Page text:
We turn to Kultur, who keeps releasing the unusual and unique.
Franz Liszt is considered to be one of the first superstar’s of music. The power of his performances on stage made the ladies swoon, and his fans were so fierce that his contemporaries gave a name to this phenomenon: Lisztomania.
This young Hungarian prodigy was often compared to Mozart and helped to revolutionize the world of the piano. He was a composer, conductor, pianist and teacher and was the inventor of the symphonic poem.
In the Footsteps of Liszt takes us in the footsteps of the indomitable virtuoso throughout Europe. From Parisian salons to the sublime shores of Lake Como, from Budapest to Weimar via Rome or Geneva, this revealing program then meets supporters of the memory of Liszt and pianists who dare to confront his work.
But if the composer of the famous Hungarian Rhapsodies was a tireless traveler, he was also that way in his love life. Among his many female conquests were the two major women in his life, the Countess Marie d’Agoult and Princess CarolyneSayn-Wittgenstein. Liszt’s life was full of turmoil, but it was also one of great brilliance and genius.
An opera buffa, a comedy, a masterpiece of intrigues, lies and love! Kultur offers (on Blu-ray and DVD) Il Barbiere di Siviglia, an opera in two acts by Gioachino Rossini, from the Teatro Regio di Parma. The production stars Dmitry Korchak as Il Conte d’Almaviva, Ketevan Kemoklidze as Rosina, Luca Salsi as Figaro and Giovanni Furlanetto as Don Basilio.
The aging Doctor Bartolo longs to marry Rosina, his beautiful and wealthy aid of the energetic and enterprising barber Figaro, the Count succeeds in gaining entry to Bartolo’s house disguised first as a soldier then as a music teacher.
When Bartolo becomes suspicious, he quickly summons the notary to set the seal on his marriage to Rosina. But Figaro and Almaviva are already one step ahead and the marriage contract is signed by the Count, who at last reveals his true identity. Bartolo receives generous compensation, however: the Count waives the dowry that Bartolo ought otherwise to have paid as Rosina’s guardian–although he is made to share the sum with Figaro.
Another operatic gem from Kultur: Teatro Carlo Felice Production of Puccini’s Tosca. This production, filmed at the Teatro Carlo Felice in Genoa, boasts a stage set based on Adolf Hohenstein’s original design for the work’s premiere, and brings together the best contemporary soprano-tenor combination of Daniela Dessi and Fabio Armiliato who are set against a worthy opponent in the form of Claudio Sgura as Baron Scarpia.
Tosca is a classic example of Puccini’s three-person dramatic structure–a tragic pair of lovers juxtaposed with an interfering baritone! But these traditional roles are portrayed here in a much more realistic and psychologically accurate manner than usual.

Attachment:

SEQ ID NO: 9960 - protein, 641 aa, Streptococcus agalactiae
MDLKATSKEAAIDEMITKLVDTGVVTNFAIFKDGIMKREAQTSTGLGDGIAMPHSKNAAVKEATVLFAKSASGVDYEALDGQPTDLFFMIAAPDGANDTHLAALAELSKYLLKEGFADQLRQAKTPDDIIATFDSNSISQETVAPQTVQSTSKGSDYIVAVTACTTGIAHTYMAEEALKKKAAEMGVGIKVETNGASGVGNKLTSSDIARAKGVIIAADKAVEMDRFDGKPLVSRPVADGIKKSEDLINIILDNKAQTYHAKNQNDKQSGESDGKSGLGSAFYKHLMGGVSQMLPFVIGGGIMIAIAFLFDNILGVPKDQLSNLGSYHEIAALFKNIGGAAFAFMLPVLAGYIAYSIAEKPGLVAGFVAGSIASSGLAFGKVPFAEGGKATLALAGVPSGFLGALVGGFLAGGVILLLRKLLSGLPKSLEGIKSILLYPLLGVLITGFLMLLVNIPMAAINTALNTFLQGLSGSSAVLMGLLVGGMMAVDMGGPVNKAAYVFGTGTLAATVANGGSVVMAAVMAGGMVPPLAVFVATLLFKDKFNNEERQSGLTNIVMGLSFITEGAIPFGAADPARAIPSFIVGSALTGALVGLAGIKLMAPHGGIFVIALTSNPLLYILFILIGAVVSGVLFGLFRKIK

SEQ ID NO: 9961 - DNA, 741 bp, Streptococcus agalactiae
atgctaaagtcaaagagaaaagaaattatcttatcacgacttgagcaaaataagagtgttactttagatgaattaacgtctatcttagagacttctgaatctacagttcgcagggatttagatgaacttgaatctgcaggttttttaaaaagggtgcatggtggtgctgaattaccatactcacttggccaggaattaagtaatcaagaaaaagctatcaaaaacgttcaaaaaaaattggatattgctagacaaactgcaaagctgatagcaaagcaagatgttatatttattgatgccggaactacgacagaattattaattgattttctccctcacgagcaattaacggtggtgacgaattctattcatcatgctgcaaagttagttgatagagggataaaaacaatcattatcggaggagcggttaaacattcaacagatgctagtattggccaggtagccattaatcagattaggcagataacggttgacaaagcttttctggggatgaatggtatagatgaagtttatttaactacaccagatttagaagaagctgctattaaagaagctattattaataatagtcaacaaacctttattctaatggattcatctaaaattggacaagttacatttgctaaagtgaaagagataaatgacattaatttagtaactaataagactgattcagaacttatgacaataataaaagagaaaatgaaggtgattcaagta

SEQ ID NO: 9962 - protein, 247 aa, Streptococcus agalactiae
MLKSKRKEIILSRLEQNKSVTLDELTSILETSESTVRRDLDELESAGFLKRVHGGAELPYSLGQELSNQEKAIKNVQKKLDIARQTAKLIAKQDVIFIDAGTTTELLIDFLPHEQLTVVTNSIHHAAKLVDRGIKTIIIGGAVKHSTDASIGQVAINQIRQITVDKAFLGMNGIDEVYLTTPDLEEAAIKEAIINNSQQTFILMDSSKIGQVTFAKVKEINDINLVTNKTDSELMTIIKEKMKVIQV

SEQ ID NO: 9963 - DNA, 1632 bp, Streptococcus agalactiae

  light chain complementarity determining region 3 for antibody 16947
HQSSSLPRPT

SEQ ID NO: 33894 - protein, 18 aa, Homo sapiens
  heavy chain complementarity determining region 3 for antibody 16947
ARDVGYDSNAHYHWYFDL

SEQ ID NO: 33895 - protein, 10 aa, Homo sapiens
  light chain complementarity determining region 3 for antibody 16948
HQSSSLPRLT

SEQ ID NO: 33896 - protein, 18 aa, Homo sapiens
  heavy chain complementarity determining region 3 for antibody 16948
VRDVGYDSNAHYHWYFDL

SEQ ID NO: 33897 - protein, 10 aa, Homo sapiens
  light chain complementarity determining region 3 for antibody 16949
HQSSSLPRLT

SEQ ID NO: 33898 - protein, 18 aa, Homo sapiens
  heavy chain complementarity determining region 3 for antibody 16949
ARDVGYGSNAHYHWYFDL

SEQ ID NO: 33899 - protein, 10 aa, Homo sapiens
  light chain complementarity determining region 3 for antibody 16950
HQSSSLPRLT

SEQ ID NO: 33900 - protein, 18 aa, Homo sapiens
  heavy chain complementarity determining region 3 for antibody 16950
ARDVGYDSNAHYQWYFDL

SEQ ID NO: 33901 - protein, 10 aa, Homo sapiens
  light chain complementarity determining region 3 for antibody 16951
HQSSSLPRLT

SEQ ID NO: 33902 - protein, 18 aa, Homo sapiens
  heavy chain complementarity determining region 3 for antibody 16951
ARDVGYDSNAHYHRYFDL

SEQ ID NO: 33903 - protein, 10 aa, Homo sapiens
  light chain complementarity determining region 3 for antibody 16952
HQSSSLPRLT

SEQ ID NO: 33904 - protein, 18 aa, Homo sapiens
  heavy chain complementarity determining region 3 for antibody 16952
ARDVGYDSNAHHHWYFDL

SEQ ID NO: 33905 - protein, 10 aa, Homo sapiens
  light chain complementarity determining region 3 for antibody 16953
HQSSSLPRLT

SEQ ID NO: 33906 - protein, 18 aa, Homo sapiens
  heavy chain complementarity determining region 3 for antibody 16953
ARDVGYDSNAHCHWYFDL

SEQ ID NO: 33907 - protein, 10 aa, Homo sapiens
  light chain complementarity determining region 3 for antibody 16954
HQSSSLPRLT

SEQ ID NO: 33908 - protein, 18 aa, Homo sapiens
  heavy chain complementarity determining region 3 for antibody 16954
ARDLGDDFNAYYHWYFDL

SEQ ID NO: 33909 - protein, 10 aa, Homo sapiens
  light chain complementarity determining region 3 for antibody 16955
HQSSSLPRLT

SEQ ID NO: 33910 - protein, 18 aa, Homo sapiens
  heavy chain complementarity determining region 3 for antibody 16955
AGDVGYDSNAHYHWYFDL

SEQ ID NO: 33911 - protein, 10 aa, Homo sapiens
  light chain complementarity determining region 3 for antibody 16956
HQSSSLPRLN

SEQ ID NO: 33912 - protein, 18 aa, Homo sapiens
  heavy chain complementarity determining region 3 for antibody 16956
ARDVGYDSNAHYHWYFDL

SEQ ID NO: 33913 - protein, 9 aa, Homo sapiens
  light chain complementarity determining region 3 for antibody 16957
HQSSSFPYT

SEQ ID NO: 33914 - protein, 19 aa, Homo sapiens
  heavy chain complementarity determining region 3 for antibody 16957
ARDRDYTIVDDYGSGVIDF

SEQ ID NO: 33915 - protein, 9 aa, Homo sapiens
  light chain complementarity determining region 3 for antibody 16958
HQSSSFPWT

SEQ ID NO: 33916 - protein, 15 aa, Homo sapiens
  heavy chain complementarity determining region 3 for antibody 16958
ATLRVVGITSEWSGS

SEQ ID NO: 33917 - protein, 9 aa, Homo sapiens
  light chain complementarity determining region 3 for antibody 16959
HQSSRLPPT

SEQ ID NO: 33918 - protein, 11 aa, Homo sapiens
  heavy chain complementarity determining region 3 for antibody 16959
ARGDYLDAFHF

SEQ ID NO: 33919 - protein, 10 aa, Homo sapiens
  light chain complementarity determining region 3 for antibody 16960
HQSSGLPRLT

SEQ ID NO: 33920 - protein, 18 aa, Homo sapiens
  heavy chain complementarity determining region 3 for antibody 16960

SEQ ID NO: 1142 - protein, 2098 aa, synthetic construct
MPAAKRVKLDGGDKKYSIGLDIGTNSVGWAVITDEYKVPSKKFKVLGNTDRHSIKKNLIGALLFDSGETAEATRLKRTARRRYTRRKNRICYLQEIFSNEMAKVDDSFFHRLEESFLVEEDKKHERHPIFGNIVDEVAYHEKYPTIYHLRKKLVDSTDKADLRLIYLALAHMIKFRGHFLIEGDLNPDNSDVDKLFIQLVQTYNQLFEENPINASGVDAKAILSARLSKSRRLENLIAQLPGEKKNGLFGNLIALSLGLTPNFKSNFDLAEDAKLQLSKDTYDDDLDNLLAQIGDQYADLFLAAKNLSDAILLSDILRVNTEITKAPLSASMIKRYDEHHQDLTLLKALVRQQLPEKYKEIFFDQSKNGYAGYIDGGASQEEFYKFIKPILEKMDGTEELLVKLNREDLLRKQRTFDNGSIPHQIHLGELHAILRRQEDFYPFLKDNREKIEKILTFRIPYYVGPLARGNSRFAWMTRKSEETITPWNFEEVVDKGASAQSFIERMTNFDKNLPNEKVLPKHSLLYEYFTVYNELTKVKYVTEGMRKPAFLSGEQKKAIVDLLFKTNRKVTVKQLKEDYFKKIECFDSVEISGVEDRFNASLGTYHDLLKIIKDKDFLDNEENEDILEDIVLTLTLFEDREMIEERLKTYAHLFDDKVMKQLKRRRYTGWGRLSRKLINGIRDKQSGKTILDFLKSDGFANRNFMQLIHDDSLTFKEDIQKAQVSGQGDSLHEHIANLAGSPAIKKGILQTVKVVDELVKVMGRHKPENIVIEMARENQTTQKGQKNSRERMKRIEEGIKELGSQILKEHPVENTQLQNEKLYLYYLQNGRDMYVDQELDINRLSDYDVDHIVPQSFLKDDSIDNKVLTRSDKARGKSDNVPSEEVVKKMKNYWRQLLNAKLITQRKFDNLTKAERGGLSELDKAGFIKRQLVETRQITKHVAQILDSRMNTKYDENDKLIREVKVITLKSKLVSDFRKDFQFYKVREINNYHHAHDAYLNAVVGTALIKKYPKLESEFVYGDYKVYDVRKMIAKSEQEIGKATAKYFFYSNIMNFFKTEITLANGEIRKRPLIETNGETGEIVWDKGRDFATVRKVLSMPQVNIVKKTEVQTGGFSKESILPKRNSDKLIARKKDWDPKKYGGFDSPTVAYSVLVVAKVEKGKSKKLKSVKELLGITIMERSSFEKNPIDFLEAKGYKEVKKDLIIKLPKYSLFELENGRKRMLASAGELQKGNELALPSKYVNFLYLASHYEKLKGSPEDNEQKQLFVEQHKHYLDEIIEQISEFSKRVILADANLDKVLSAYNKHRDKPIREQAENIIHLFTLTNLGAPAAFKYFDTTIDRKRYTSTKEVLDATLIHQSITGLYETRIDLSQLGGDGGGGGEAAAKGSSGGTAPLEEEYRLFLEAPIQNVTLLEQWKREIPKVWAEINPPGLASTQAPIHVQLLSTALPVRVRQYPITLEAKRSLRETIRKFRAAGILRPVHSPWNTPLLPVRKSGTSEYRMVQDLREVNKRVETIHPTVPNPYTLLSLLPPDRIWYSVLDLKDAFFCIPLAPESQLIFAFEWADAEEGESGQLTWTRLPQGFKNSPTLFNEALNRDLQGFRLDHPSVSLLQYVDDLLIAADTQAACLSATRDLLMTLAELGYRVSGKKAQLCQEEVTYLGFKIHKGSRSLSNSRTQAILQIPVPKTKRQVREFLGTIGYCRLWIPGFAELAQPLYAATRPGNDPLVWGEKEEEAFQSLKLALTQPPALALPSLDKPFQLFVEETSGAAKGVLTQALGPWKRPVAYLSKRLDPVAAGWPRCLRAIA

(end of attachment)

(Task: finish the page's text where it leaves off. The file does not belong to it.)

Kultur has two new additions to the “Sites of the World’s Cultures Series” worth noting.
The Escorial: The Dream of a Devout Monarch.
It was to be a bulwark of the faith, a symbol of the greatness and power of the Spanish world empire. In a manner virtually unparalleled by any other building, the Escorial reflects the spirit of its age, the 16th century, and of its patron, Philipp II. Philipp II, driven by a blind faith in the Catholic Church and the burning desire to emulate his father, Charles V, had the Escorial built in a bleak, deserted landscape. From this remote vantage point he wanted to rule the world.
The architecture is a perfect reflection of this spirit, externally an austere building almost entirely without ornamentation. It is, moreover, no coincidence that the building is reminiscent of a cloister; part of which is still used today as a monastery.
And it was from this fortified cloister that Philipp sought the solution to one of the most intractable problems of his time – the schism in the church. He resorted to the means of the Inquisition. The building, and its whole style, exudes the relentlessness with which Philipp exerted his power.
Hue: The City on the Perfume River
Hue, the former Imperial City of Vietnam, lives with its river, the Song Huan, the river of perfume, the river of fragrance. Its enticing nickname probably came from the fragrant pollen which it carries at certain times of the year.
Numerous songs and poems sing the praises of this river and of the colorful life on its banks. Yet Hue is not only the city at the river, Hue is in fact the cultural heart of Vietnam.
In the 19th century, modeled on the Forbidden City in Beijing, an Imperial Court emerged which was intended to proclaim the power and the wealth of the Nguy dynasty. This unique program gives an unprecedented close-up look at the former Imperial City with its fascinating tombs, temples and citadel.
And just in time for Election Day 2012 comes Lincoln: The One Man Show starring Gary Saderup. The actor becomes Honest Abe as he encapsulates Lincoln’s entire life, from his early “folksy” frontier humor to the eloquence of word so well remembered from his Presidential years. He reveals how Lincoln formed his attitude towards life and politics, slavery and war, peace and reconciliation.
This acclaimed one-man show takes us from Lincoln’s years as a prairie lawyer, to the steps leading up to the Civil War and throughout the war years. We see and hear his Lincoln-Douglas debates; his Emancipation Proclamation; his Gettysburg Address, as well as events in his personal life with Mary Todd and his courageous determination to preserve the Union.
Saderup is magnificent as Lincoln and delivers a memorable performance that brings Lincoln back to life in a way like never before. This unique program features a dramatic interplay of Civil War era photos, music and graphics to accompany Saderup’s unforgettable on-screen portrayal of Lincoln.